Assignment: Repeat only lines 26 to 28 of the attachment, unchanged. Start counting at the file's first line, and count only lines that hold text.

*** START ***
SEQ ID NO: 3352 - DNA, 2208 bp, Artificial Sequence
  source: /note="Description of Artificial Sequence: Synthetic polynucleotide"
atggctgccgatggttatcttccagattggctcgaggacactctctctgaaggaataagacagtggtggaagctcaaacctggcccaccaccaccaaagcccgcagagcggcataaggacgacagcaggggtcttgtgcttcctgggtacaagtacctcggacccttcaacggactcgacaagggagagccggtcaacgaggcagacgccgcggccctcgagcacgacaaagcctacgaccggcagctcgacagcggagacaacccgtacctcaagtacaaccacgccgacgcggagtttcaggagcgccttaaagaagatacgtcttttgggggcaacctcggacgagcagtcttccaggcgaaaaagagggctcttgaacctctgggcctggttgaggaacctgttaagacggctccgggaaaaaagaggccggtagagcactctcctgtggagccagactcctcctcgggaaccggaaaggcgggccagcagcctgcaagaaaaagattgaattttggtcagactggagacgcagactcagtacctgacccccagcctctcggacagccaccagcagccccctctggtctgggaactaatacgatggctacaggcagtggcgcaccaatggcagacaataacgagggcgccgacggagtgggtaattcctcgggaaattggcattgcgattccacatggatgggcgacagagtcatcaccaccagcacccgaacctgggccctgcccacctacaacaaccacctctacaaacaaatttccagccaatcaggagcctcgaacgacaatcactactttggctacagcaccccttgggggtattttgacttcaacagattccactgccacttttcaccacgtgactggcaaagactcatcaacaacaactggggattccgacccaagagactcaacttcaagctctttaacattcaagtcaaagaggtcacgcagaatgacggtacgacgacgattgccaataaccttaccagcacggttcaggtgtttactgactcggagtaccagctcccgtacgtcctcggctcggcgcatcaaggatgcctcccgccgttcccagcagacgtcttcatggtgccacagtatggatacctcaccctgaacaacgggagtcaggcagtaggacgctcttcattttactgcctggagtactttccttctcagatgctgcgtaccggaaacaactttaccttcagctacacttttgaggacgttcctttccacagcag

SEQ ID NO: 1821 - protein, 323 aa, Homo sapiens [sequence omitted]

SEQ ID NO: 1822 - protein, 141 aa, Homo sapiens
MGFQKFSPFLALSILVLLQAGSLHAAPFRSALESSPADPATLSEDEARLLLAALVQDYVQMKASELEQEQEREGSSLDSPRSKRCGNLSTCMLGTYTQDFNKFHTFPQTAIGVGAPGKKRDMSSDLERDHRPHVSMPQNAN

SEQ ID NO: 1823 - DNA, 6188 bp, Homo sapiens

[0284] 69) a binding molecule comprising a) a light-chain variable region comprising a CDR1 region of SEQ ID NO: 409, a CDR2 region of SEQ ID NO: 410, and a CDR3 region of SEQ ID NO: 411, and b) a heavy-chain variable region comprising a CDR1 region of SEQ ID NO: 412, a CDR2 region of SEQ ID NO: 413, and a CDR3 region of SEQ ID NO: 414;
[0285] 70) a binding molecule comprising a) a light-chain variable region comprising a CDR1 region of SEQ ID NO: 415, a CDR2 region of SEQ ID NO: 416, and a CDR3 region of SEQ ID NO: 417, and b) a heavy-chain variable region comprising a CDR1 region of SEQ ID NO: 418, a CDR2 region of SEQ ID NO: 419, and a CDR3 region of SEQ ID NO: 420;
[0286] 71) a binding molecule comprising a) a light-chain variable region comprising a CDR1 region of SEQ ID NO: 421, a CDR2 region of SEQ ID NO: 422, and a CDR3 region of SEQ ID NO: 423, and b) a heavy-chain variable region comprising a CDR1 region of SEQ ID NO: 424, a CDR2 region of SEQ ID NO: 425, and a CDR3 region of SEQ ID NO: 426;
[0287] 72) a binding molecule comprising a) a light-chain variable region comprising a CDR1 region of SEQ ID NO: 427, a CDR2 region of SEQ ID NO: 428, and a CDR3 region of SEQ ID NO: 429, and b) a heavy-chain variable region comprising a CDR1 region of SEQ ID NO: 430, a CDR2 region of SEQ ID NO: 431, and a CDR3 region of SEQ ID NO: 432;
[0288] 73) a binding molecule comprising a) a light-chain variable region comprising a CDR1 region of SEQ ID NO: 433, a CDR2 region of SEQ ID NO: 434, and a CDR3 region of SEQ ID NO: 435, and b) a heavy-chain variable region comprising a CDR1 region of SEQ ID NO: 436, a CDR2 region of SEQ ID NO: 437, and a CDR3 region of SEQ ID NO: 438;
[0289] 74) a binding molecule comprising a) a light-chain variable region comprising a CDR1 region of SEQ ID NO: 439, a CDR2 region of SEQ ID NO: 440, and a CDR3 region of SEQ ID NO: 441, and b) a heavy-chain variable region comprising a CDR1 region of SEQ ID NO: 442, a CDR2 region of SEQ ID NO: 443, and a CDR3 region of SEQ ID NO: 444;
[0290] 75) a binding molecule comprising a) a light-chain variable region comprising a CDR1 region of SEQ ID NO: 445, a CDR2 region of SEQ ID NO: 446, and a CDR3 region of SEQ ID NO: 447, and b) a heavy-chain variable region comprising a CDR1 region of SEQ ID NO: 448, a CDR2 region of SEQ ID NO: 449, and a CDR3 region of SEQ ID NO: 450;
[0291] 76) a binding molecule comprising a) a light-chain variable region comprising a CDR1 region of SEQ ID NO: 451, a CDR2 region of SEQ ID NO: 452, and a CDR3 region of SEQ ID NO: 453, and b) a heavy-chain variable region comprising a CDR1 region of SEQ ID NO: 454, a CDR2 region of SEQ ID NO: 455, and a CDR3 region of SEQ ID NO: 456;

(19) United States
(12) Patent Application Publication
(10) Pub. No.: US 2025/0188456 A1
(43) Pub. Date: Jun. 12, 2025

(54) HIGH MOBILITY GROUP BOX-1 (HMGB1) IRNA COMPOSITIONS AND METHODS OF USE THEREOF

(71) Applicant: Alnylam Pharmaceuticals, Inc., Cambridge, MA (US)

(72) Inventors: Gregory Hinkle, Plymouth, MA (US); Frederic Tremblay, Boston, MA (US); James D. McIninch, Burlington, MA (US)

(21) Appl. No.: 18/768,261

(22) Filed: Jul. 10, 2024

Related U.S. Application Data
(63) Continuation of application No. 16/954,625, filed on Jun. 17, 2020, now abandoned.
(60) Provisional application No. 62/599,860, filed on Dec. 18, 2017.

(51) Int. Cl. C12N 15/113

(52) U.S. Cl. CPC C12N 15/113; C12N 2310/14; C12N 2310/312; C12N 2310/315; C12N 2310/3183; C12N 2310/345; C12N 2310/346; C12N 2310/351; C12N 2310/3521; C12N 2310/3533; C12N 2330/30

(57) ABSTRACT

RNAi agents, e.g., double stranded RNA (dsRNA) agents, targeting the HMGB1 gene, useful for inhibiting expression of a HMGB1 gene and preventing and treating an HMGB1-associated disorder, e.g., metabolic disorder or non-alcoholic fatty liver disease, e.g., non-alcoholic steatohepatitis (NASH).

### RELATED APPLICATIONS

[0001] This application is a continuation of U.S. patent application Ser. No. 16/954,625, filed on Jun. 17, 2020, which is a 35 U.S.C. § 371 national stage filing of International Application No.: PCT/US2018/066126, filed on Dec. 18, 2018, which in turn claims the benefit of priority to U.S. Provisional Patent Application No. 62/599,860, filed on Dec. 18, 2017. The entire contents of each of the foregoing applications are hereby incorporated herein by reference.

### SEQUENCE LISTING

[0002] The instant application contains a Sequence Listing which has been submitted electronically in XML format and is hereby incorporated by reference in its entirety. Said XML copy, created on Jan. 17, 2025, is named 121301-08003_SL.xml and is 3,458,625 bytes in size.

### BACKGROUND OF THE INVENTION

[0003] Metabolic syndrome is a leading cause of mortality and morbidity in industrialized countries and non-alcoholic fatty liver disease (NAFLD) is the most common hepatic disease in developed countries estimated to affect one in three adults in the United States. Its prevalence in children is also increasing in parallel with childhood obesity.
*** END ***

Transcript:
(63) Continuation of application No. 16/954,625, filed on Jun. 17, 2020, now abandoned.
(60) Provisional application No. 62/599,860, filed on Dec. 18, 2017.

(51) Int. Cl. C12N 15/113